K. Ishibashi is no stranger to success -- he's a founding member of Jupiter One, and has toured with of Montreal and Regina Spektor. But his solo project, Kishi Bashi, has a very grassroots feel to it. For instance, Ishibashi funded his debut album 151a through a Kickstarter campaign which promised everything from original compositions to private concerts in exchange for a contribution. A St. Louis backer scored a private show that he opened to the public at Off Broadway (3509 Lemp Ave) in January.
The music -- a dreamy, experimental combination of lilting vocals, violin and beatbox -- is an organic experience of its own, as Ishibashi sews the melodies together live with a looping machine. Each performance is as unique as a snowflake and an utterly different experience than listening to the album. This Saturday, Kishi Bashi returns to Off Broadway for one of these fascinating and sometimes nerve-wracking performances.
We caught up with Ishibashi at his home in Virginia, where he was enjoying some unexpected downtime due to the abrupt cancellation of a leg of Passion Pit's summer tour.
Jessica Lussenhop: You recently announced that you've left of Montreal and will now play full-time as Kishi Bashi. What lead to that decision?
K. Ishibashi: I have a family. I have a wife and kid in Virginia. It was just like, being in Of Montreal and also in Kishi Bashi was kind of dominating my life to the point where I couldn't get home very much. Because, if I wasn't doing of Montreal, I'd be trying to squeeze in some Kishi Bashi stuff and actually my album is doing really well right now, so I have a lot of opportunities and I have a booking agent who's basically just waiting for me to give him open dates so he can book me, you know? So it just made sense to just kind of part ways with them, and they let me open up their entire floor in April and I'm really good friends with them. So, it's kind of a thing where I had a once-in-a-lifetime opportunity, you know? When your own music is doing pretty well and people are pretty excited about it. So I just had to jump on it.
It does seem like there's a fair amount of momentum building behind you.
I've been in bands where there wasn't any momentum, and I know how that feels and this is definitely the kind of thing you don't want to pass up. This kind of opportunity when people are excited about your project and your album, you know?
So what's it been like?
It's great. It's a little busy. I have a manager to keep me sane, I guess, but it's great because it's like, all the sudden people are willing to book me and willing to open doors for me, and it's really based, probably, on the album.
How long did it take to put the album together?
I had an EP last year, I based some it off two of the songs from the EP. I put it together in about half a year -- a few months.
Tell me about your live performances as opposed to just listening to the album.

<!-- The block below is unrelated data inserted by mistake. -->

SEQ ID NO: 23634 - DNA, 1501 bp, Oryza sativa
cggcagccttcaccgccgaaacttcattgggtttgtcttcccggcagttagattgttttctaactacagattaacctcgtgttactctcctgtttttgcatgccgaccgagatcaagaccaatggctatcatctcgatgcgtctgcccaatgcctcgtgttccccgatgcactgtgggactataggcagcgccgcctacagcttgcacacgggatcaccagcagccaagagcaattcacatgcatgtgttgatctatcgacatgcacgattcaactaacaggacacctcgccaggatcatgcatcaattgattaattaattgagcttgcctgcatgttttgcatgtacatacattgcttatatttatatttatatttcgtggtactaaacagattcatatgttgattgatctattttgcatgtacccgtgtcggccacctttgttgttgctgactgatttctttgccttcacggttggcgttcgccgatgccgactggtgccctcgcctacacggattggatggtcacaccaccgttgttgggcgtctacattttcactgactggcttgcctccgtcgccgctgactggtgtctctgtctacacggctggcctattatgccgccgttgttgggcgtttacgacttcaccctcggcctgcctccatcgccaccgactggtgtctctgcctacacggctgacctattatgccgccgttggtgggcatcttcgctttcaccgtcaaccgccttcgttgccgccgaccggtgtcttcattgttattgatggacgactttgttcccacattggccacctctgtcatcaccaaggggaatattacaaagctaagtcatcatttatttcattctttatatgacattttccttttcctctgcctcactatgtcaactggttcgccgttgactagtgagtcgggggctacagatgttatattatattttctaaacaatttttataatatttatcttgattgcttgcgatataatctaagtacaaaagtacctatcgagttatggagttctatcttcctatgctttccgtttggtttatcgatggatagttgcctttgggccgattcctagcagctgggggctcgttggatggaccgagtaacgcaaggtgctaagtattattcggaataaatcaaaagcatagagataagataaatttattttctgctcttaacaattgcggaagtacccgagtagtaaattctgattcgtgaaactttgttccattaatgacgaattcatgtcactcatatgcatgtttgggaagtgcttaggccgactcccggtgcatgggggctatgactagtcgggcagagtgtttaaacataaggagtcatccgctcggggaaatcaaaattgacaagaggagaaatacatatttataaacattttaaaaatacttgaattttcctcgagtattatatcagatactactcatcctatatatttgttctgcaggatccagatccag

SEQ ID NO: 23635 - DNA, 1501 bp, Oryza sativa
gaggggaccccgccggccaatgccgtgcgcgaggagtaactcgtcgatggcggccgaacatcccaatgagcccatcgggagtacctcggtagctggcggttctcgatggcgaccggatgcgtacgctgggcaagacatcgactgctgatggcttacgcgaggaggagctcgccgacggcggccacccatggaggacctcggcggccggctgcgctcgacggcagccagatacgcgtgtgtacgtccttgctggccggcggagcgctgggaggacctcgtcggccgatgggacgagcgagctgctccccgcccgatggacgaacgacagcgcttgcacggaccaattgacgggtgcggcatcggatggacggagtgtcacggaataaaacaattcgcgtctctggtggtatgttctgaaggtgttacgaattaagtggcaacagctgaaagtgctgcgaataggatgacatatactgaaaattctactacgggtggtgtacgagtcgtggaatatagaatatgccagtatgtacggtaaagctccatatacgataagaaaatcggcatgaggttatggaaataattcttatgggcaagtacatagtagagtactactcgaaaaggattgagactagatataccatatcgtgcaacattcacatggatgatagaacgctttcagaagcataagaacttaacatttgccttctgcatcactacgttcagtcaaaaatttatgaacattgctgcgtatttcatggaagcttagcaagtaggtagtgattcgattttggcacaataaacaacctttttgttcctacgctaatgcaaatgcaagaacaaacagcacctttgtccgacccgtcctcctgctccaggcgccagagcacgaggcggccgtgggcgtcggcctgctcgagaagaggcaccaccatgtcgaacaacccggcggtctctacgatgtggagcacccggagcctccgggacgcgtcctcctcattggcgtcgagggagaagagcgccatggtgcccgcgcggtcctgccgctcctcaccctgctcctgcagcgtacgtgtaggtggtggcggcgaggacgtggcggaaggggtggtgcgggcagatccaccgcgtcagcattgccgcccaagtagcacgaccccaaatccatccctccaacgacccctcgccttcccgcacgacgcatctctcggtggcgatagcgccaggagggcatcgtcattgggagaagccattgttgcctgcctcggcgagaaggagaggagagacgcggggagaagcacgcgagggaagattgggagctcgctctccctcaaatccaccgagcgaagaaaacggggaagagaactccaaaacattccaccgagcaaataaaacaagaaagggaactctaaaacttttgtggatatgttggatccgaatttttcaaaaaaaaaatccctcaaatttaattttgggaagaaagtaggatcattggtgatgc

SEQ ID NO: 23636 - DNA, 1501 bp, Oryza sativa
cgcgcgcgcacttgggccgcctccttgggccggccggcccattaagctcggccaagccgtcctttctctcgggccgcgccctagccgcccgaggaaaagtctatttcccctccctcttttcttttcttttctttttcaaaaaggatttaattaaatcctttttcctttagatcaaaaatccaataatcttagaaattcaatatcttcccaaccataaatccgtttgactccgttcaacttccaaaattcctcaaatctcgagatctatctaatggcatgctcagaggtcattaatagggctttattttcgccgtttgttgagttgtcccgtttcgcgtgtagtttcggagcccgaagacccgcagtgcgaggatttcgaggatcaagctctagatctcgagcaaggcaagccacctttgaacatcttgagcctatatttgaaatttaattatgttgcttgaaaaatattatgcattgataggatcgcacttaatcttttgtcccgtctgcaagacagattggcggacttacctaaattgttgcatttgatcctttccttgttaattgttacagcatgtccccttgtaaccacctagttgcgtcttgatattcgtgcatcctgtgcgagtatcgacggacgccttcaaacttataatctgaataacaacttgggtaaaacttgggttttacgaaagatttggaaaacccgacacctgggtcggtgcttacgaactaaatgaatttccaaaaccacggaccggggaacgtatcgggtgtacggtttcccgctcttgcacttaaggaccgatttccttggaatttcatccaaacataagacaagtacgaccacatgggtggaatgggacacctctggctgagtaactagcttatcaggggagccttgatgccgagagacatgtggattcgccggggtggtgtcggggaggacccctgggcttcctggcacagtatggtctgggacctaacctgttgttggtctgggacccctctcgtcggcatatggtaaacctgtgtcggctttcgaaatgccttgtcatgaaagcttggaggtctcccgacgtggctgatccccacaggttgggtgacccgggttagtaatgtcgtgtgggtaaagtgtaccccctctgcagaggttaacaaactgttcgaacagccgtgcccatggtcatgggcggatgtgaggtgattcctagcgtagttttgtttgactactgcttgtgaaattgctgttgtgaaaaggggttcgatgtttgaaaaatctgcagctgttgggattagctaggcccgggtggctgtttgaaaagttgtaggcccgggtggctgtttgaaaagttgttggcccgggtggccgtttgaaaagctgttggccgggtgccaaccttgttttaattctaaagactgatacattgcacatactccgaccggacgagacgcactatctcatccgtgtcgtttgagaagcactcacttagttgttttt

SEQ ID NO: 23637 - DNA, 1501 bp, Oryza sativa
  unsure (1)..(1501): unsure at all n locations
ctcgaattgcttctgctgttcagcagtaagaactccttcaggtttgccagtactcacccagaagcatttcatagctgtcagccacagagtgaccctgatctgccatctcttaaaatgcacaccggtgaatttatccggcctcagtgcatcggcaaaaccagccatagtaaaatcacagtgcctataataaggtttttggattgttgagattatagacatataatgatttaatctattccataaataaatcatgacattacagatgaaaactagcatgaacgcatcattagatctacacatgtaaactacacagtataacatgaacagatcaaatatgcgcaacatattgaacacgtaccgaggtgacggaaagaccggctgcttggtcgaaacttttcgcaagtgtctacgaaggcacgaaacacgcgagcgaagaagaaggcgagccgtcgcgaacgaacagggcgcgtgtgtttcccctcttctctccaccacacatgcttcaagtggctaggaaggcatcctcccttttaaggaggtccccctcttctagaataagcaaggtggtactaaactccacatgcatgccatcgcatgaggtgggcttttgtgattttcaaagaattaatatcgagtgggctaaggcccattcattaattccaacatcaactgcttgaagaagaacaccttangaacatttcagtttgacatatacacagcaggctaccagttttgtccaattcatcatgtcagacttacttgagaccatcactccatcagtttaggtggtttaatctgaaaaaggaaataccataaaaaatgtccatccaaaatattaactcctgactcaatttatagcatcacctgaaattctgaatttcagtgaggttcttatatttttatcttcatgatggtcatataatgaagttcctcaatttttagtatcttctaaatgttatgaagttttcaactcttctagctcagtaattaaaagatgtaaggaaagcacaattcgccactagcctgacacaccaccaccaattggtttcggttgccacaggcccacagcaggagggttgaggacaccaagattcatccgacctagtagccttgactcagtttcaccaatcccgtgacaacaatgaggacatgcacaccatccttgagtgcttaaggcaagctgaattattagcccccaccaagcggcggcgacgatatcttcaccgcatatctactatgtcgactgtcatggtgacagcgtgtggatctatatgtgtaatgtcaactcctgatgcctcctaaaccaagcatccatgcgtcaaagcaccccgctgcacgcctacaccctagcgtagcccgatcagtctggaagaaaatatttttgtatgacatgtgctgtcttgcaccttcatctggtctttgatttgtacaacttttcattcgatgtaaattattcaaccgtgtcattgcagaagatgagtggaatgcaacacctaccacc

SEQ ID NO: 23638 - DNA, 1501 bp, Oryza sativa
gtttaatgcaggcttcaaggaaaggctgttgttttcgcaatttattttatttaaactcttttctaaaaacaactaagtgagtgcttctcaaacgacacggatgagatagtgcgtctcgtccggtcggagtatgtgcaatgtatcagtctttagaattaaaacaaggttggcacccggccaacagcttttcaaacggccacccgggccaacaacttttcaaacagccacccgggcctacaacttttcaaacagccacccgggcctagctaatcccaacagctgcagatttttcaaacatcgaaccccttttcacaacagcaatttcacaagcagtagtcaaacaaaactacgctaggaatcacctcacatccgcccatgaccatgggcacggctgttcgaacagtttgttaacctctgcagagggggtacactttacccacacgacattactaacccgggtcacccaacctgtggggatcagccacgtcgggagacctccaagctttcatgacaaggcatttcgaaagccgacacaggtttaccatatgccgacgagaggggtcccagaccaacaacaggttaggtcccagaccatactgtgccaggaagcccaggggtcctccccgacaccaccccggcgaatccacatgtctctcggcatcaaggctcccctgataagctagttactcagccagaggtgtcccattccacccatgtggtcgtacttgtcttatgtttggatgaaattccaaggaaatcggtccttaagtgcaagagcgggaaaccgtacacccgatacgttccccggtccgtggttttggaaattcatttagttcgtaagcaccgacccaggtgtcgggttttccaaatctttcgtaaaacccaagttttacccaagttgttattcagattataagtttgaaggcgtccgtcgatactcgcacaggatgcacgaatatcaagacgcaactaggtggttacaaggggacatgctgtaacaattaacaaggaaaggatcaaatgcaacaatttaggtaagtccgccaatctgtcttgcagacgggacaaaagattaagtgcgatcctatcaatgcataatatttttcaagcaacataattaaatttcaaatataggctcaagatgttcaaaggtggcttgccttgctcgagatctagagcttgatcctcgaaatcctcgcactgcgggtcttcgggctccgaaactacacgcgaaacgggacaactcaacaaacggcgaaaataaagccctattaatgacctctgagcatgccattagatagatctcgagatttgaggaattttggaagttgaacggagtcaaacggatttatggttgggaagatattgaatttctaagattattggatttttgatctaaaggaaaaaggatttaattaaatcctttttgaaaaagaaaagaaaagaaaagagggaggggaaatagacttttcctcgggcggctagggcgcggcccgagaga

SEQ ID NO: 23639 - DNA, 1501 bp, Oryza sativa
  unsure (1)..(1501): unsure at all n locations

They can be totally different. The way I create my loops, I just kind of -- they're not exact. So a lot of it has to do with a feeling and it might be faster, I also like changing things up, so I'll change things and kind of make it different, and I also like the audience to have a different experience. The repeat customers, I like to give them something different. Has a loop ever gotten so messed up you had to stop?
Absolutely. It's embarrassing, but it's like, there's nothing you can do about it. You can either torture your audience for another minute or two, you know, or you can just stop it and just laugh it off. That's what I usually do if it's really bad.
How did you learn looping?
I'd always been doing, making ambient loops, experimenting like that, but when I started doing my solo thing I wanted to be... because I come from a band, you know, where you're just this huge monster of a touring entity. It's just so expensive and I thought, 'How can I do this?' I just wanted to be solo, you know, so I could choose what shows I wanted to do and I could fly and do shows, and I tried to keep my rig small. So I found out about the looping thing. There are people who do it really well, so I kind of checked them out on YouTube, and yeah, I basically, I copied a lot of people for ideas.
Any particularly strong influences?
You know tUnE-yArDs? ... She's really great. There's tUnE-yArDs, Andrew Bird, of course, is great, you've probably heard of him. Who's the other guy -- Yann Seznec. Owen Pallett is really great. He's a violinist who loops and stuff, and he's really, really good. It's funny, there's a message board where there's these, like his fans are arguing about me on his message board.
What are they arguing about?
Not arguing, but they're like, 'What's up with this guy, Kishi Bashi? He sounds -- he 's, like, taking from Owen, he's not the first to do it, Owen Pallett's the first one.' And I never claimed to be the first one, but his fans are like trying, you know, there's contention about me, the origin of what I do. So, actually, I wrote to Owen Pallett - well, normally I don't interact with those weirdos, but it's like, these guys are strange, you know, they're debating nothing. But then I noticed that Owen Pallett actually comments on these things himself.
What was his comment?
He's just like, 'Guys, leave him alone, he's actually pretty good' kind of thing. So I noticed that he did, so I posted too, and so I'm going to have lunch with him in Toronto. I'm going to meet up with him.
So there's peace in the world of looping.
Exactly. The big loop peace accords are happening in Toronto.